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Reduce readmissions

Article

Plans must offer non-clinical resources to help hospitals make successful transitions

When a patient experiences an “avoidable” readmission, who is accountable? Hospitals are getting penalized for high readmissions, but the situation is not entirely within their control. According to new Robert Wood Johnson Foundation (RWJF) research, a collective effort is needed.
Medicare racks up $17 billion in charges annually for return trips to the hospital that probably didn’t need to happen. In an attempt to prompt hospitals to reduce the rate of readmits, the Centers for Medicare and Medicaid Services (CMS) created a payment program that took effect this year.
Hospitals that lowered their rates were rewarded, but more than 2,000 other hospitals were docked up to 1% for high readmissions. Even though hospitals aren’t the sole source of the problem, it’s become their task to discover and implement solutions.
Fixing the problem is not the government’s role, according to Jonathan Blum, CMS deputy administrator. He said during a recent panel discussion that best practices must come from the industry itself.

Total stakeholder involvement
The main takeaway from the research and panel discussion is that there are many different reasons for readmissions, and therefore, a variety of solutions will need to be devised by the entire assembly of stakeholders.
When I reviewed the RWJF report, I was struck by the combination of factors that can drive a single patient’s readmission, much less the return visits of 10% or 15% or even 17% of a hospital’s Medicare patients.
Variables might include the basic clinical situations we all know about, such as a patient’s illness severity or lack of medication reconciliation. However, other factors that are harder to discern significantly influence readmits, such as a patient’s anxiety over being in the hospital leading to a premature discharge. It’s also not unusual for discharge instructions to be misunderstood or ignored.
To design a readmission reduction plan, panelists recommend a core strategy that includes medication therapy management; outpatient follow up; dynamic personal health records; clinical alerts when conditions worsen; and tools to reduce barriers to patient adherence to treatment. For example, nurses at Cullman Regional Medical Center record their discharge discussions and make the audio available online for patients and caregivers to access from home.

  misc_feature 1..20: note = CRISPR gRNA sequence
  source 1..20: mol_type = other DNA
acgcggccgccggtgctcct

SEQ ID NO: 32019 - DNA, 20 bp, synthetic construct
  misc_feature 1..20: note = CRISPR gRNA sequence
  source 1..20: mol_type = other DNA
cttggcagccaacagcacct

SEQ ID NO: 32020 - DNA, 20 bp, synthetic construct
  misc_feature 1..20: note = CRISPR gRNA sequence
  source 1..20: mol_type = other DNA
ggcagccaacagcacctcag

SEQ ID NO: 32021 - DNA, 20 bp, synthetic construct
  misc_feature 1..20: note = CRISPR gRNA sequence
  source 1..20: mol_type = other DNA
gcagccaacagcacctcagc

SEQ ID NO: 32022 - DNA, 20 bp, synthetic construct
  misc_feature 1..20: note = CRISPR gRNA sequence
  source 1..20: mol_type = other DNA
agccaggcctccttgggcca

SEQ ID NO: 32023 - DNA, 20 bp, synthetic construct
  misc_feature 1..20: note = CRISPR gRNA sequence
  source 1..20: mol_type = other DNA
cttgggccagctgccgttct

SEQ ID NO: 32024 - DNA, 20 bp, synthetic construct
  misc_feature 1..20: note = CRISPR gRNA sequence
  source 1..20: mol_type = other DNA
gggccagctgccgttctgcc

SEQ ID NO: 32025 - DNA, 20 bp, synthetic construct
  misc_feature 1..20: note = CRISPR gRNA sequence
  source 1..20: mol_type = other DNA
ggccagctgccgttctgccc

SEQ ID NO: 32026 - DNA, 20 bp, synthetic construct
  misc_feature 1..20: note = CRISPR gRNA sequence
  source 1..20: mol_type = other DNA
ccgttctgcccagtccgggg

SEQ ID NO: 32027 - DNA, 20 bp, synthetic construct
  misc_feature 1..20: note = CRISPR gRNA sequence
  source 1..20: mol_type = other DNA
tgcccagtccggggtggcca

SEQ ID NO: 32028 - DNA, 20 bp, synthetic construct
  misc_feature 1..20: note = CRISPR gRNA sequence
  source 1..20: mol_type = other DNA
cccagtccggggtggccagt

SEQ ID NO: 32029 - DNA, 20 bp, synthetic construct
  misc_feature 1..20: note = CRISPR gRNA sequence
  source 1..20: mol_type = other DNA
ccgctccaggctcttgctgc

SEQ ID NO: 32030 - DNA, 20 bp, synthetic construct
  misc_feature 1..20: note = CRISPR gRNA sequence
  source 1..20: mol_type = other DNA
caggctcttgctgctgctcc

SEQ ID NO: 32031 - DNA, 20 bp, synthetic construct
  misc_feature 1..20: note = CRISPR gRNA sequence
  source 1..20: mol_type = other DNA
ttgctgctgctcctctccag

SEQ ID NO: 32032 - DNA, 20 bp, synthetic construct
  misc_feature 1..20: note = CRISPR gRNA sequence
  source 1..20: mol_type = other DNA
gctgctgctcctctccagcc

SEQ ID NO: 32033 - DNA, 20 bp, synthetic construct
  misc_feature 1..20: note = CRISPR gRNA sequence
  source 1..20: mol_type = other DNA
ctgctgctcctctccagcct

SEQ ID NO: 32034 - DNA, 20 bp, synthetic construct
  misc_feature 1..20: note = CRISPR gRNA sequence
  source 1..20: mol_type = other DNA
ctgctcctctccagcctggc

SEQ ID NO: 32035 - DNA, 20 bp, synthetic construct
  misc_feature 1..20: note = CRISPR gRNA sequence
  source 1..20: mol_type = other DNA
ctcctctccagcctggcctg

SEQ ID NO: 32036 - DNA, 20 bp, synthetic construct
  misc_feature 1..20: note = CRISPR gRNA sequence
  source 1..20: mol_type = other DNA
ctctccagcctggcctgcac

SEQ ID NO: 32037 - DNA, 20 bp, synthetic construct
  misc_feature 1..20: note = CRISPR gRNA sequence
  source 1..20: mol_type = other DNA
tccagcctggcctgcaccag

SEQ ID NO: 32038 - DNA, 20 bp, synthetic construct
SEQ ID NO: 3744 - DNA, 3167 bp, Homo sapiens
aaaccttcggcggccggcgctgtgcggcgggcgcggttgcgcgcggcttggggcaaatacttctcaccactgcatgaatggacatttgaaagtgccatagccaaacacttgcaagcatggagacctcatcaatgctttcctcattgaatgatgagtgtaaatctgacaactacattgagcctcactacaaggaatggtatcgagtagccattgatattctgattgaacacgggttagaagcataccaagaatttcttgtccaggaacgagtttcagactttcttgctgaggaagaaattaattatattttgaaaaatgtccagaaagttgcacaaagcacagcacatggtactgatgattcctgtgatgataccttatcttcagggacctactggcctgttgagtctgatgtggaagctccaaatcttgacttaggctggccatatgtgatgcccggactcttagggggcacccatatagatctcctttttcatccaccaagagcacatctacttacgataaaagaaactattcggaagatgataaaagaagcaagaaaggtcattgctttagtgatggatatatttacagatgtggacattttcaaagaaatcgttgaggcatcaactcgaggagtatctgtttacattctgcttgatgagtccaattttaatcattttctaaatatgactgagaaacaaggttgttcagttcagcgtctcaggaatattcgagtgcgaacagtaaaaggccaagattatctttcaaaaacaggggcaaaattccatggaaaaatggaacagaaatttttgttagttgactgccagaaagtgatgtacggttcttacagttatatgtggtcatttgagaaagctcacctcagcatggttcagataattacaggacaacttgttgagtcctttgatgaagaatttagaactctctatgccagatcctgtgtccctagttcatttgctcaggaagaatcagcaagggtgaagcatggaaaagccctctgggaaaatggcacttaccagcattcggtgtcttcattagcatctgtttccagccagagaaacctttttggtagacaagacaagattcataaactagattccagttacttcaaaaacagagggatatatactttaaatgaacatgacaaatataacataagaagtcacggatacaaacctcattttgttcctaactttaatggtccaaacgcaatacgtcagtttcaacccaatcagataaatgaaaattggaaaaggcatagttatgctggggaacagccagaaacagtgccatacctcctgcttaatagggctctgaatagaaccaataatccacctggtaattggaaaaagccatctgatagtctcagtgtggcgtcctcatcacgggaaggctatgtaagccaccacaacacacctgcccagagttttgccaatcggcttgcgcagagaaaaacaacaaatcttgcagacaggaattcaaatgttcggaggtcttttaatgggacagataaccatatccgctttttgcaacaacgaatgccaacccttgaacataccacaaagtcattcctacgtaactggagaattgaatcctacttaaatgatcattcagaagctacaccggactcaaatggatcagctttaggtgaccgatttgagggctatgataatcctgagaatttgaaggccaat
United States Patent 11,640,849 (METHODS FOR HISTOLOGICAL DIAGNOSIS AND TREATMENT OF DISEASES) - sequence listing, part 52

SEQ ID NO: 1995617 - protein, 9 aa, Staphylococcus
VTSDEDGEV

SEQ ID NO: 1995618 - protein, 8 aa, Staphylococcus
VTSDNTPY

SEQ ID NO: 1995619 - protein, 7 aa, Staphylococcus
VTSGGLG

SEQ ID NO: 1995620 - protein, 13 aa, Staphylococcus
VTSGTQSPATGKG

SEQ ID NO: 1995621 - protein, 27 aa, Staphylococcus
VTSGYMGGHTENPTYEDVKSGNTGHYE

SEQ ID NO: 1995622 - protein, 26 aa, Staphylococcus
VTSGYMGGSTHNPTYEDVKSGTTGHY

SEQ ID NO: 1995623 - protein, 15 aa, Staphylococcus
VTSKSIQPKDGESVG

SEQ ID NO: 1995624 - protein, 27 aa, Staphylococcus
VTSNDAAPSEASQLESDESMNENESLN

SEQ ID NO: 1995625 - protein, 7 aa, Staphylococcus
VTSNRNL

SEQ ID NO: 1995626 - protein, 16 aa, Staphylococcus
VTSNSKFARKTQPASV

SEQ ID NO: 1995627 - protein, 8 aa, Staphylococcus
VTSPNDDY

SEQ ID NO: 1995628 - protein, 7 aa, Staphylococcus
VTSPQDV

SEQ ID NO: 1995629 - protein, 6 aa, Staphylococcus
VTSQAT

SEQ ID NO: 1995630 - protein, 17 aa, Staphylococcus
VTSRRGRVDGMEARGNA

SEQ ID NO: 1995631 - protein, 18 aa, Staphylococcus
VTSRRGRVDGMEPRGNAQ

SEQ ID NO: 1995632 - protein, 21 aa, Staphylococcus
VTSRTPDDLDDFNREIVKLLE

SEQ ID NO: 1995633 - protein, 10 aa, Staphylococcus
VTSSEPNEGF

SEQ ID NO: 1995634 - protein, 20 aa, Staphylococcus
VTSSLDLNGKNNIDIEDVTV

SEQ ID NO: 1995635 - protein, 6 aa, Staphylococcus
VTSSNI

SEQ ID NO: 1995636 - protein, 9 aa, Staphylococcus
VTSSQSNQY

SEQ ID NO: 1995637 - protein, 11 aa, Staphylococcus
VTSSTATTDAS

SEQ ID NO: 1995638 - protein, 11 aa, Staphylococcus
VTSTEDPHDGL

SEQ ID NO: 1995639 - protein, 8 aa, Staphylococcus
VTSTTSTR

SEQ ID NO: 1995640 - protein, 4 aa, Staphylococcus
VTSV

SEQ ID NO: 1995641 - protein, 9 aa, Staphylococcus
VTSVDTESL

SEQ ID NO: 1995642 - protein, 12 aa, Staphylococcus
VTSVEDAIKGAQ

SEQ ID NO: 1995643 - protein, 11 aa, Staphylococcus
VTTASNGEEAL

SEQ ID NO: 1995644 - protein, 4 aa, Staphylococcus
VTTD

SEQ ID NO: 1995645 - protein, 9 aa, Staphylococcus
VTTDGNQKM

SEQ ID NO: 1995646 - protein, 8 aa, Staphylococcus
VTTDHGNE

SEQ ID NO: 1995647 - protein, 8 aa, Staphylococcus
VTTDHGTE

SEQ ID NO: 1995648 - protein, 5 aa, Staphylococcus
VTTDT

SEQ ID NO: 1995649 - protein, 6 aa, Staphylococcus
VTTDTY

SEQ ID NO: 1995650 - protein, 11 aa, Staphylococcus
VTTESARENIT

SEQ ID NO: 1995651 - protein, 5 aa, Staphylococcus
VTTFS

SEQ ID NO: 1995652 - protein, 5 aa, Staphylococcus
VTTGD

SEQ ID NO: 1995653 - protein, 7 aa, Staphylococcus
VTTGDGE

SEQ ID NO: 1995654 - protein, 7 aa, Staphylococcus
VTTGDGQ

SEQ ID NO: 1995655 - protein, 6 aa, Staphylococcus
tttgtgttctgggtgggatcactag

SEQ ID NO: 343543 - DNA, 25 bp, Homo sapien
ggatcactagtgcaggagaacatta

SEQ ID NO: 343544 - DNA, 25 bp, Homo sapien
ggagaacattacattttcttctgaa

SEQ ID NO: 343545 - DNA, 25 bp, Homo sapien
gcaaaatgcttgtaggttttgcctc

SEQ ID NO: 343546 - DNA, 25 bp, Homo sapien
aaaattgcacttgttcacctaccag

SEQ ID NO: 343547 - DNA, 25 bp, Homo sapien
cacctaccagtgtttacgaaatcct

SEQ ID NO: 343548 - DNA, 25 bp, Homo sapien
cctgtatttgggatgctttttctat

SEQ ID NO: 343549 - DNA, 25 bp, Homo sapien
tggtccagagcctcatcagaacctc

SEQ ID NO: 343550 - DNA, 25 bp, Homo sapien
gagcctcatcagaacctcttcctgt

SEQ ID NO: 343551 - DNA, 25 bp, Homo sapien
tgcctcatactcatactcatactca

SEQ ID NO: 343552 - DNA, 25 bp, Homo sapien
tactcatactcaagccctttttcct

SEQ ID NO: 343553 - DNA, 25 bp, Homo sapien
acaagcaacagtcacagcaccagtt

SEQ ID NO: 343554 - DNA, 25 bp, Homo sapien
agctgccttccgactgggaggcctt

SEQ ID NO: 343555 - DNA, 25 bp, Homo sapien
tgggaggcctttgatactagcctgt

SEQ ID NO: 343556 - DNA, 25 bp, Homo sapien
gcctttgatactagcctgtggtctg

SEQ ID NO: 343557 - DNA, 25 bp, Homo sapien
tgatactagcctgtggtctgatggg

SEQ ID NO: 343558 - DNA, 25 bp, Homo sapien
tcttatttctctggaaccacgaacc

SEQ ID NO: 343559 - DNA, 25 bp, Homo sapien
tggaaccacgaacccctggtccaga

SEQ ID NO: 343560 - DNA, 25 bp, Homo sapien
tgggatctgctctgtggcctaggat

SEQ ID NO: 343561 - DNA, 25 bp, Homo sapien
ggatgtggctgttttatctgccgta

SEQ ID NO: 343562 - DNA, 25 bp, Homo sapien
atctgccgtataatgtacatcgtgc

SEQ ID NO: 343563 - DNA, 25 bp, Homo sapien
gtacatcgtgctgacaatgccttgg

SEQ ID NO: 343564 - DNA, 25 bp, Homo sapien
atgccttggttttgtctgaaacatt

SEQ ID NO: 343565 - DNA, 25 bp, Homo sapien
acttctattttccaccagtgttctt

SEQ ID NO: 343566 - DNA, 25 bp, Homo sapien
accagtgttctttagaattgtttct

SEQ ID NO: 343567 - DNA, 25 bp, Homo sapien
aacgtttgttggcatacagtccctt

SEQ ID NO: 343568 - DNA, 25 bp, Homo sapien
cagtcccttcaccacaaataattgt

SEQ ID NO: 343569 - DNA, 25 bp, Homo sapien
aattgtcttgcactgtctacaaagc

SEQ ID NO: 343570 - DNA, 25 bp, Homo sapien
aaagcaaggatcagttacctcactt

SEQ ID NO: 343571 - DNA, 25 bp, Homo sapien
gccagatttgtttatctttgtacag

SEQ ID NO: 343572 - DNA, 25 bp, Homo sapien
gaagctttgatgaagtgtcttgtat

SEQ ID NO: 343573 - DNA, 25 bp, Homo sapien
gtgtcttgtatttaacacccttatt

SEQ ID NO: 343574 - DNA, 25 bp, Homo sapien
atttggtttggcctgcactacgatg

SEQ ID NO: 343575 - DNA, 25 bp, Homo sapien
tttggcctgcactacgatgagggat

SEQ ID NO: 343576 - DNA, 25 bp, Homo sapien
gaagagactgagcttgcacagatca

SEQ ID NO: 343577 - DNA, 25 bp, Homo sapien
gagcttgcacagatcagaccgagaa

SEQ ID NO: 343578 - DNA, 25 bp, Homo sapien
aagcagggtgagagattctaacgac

RWJF also suggests that providers plan for discharge earlier in the patient’s stay, rather than waiting until the day of discharge. Education, case management, follow-up care arrangements and multidisciplinary approaches are also recommended, as well as better tracking of readmission data.
Hospitals recognize the causes of readmissions are broad and could be out of reach of what they traditionally can accomplish, according to Eric Coleman, MD, director of care transitions, University of Colorado Anschutz Medical Campus. For example, a patient recovering from pneumonia might not feel well enough to use public transportation to keep his primary care follow-up appointment. Hospitals don’t have the resources to stretch so far beyond the inpatient stay.
But health plans do. Your case managers and social workers are keys to the solution.
If you’re already involved in non-clinical care support, consider aligning your programs with other stakeholders. Get your healthcare community focused on collective solutions that you can offer beyond clinical care. 

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